Gurgaon: Overwhelmed by emotions after returning to India after a gap of 38 years, football legend Pele on Thursday tipped fellow Brazilian Zico as the next president of the game's world governing body FIFA.
The FIFA was plunged into a crisis earlier this year due to allegations of widespread corruption, when the US Department of Justice indicted several top executives of the world football governing body. As a result, FIFA president Sepp Blatter and UEFA chief Michel Platini were suspended by the FIFA's ethics committee.
Pele, who was visiting the capital for the first time, is saddened by the corruption scandals which have hit the game in recent times and feels that Zico being a former player who loves and understands the game is the best candidate to clean up the current mess.
"I want someone honest, who respects the game to be the FIFA president. I know of Zico's wish to run for president. He has the courage, I think he is one of the best candidates to be the president of FIFA," the 74-year-old told the media here.
"I told him 'you are strong, you have the courage. You will be a good president.' I think he will be a wonderful president because he has strived to develop football in several countries. He has worked for a long time in Japan and helped transform it to one of the strongest countries in Asia," Pele added. "Zico is one of the best candidates, no doubt."
The three-time World Cup winner admitted that the top echelons of FIFA have lost much of their credibility following the corruption scandal, but he was quick to point out that they have done a lot to spread the game around the world. The 'King of Football' also asserted that the controversy has not tarnished the image of the game.
"It is easy to criticise. FIFA may be corrupt, but they did a lot to develop football around the world. Unfortunately, the FIFA officials are human and they made a mistake," Pele said.
"You should not forget that because of the FIFA, if you see football today, it is the most popular sport in the world. More and more people are playing football and the game is developing worldwide, be it in Asia, Africa, South America or anywhere. If you see in history, football has united people," he added. "Corruption is a worldwide problem. You see corruption in football in Brazil, US, Africa, here. FIFA is not an exception."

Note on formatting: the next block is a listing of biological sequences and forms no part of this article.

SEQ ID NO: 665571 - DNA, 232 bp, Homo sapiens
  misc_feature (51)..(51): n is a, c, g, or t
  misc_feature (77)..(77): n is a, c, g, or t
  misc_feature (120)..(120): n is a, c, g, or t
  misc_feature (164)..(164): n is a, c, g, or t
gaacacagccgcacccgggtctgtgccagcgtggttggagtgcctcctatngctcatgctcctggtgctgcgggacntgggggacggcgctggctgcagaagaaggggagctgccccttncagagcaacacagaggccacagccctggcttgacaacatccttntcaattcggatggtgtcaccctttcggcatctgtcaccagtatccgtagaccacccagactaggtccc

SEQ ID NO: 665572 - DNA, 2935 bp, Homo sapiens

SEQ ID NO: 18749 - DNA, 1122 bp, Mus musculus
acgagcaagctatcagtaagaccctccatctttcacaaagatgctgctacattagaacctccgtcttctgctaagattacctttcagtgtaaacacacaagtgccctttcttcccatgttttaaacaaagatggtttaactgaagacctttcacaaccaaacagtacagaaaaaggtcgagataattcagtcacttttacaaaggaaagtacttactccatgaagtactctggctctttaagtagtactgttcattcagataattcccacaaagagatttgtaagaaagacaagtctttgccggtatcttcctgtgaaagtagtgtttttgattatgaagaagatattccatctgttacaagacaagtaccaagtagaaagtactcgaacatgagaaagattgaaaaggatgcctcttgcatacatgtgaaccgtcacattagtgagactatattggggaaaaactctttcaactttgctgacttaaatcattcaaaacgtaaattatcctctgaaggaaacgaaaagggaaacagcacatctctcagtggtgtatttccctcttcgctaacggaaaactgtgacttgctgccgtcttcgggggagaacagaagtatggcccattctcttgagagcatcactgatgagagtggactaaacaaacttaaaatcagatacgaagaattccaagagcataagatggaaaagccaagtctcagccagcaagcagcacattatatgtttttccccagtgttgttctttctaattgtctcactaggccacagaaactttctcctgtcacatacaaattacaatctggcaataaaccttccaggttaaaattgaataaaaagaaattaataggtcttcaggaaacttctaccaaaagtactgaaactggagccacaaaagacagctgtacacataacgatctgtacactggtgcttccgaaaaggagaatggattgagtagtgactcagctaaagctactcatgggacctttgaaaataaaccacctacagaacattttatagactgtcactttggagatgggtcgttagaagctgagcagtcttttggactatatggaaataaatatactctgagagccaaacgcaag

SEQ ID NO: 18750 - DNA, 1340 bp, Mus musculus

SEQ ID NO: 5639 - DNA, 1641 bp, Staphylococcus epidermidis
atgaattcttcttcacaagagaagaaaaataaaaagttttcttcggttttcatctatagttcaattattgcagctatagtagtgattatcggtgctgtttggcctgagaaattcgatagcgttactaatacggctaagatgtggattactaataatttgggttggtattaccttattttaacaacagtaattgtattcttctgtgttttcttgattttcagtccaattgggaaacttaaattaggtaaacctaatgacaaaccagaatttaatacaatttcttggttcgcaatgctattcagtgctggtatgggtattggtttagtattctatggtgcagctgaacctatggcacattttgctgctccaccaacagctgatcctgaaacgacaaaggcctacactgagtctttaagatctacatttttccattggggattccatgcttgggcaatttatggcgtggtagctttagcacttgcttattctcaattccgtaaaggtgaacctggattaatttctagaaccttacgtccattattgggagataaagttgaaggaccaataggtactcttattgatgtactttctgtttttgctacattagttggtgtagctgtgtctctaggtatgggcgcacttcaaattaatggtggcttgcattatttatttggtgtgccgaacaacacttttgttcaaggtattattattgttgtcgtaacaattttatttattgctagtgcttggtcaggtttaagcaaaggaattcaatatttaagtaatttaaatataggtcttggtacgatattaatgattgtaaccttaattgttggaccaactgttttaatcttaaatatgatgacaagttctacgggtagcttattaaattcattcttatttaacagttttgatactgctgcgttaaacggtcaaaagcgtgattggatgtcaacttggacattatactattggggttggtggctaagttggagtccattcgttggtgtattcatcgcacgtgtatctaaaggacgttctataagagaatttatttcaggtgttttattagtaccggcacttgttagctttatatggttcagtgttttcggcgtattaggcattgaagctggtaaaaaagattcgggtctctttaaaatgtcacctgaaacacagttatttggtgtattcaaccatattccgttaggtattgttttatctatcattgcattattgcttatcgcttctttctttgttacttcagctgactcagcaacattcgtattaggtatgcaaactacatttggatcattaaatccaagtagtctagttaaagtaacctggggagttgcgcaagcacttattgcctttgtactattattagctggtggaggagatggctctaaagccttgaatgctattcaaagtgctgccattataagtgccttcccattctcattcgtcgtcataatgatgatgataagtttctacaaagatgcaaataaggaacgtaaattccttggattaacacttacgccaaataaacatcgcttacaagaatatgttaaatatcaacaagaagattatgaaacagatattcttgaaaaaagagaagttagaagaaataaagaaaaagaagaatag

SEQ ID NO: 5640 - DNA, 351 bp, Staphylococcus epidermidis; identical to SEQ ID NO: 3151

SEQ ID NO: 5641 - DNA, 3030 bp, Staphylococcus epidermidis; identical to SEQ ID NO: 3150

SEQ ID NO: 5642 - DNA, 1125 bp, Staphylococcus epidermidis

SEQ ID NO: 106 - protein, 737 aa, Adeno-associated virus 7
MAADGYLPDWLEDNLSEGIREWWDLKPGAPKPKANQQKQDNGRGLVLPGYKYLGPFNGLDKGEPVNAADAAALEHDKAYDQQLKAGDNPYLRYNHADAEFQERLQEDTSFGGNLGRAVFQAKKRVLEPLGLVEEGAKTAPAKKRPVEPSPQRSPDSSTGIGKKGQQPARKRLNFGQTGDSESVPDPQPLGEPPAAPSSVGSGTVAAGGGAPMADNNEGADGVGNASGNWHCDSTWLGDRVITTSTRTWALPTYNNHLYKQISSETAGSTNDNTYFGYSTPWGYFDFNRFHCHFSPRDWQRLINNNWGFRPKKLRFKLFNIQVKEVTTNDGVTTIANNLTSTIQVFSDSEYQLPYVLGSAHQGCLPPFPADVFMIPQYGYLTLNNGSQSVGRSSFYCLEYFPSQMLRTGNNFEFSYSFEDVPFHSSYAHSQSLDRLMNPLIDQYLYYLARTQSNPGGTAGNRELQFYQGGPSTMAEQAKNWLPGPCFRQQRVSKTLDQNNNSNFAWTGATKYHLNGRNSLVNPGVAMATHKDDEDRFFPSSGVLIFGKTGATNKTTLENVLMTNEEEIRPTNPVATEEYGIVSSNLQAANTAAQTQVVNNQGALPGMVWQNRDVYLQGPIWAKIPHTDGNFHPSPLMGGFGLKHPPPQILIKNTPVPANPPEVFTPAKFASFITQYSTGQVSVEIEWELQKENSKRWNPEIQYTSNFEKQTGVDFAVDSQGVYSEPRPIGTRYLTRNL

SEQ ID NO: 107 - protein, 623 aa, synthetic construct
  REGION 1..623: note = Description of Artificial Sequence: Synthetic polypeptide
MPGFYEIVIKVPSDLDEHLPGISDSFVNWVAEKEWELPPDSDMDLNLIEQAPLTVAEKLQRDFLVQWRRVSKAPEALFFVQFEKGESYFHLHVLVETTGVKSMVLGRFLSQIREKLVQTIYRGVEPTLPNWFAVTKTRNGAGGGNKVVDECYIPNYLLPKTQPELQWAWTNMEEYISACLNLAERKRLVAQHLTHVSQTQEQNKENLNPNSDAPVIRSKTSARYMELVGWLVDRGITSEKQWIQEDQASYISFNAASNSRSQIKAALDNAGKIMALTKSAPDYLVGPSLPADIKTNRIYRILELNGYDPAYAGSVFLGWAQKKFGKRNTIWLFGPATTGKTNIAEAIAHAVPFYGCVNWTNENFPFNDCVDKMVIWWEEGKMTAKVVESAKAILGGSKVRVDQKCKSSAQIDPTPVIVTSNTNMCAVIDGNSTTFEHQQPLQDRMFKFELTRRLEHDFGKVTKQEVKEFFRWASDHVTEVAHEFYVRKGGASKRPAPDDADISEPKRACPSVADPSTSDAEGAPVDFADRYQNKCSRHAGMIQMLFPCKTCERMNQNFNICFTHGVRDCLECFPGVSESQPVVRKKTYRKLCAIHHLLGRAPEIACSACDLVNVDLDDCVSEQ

"We have to make a difference between the FIFA officials and football. This (corruption) is not football. It is being done by people who are running the game. Football belongs to the people. This (corruption scandal) has not affected football in any way."
Talking about Indian football, the former Santos star felt that the country needs to go the Brazilian way in order to improve the standard of the domestic leagues. He held out the example of the Major League Soccer (MLS) of the US, who imported a host of World Cup stars in the 1970s in order to boost the standard of their domestic football.
"India should have more Brazilian footballers. Not only players who are at the end of their careers, but players who can perform at a high level and make a difference for their teams in the long term," Pele said.
"Same happened when we started to promote football in the US. The US federation brought over great players like myself, Beckenbaur and others, and gradually the league became strong," he added.
"The first year when we started to play for Cosmos, we started to lose because a lot of the footballers were college players. The first year was difficult. But in the second year, big players like Beckenbaur came over and the league started to improve."
Pele, who witnessed the Indian Super League (ISL) match between defending champions Atletico de Kolkata and Kerala Blasters during his visit to Kolkata, insisted that the ISL should be held over a longer duration in order to make a meaningful contribution towards the betterment of the game in the country.
"Two months are not enough. You need to have a longer tournament if the ISL is to have a substantial effect. But it is important to begin. The beginning has been very nice," Pele stated.
"I think you need to give more time to the players to gel with and learn from their foreign counterparts."
The legend also pointed out that Indians should draw lessons form small nations around the world who have made big strides in the game.
"You look at football in Japan, at Costa Rica, Venezuela or Ecuador," he said. "Ecuador beat Argentina in their last match."
"Of course, in this context, it is important to mention that I do not see too many Indian players in the European leagues or in South America. I think this is important. It is important to go outside your borders, to gain experience. The young Indian players need to be exposed to a higher quality of football."
"Not only is football in India in a bad shape. The game is facing problems in Brazil and Argentina as well. This is normal. It is important ot be aware of the problems and try to improve."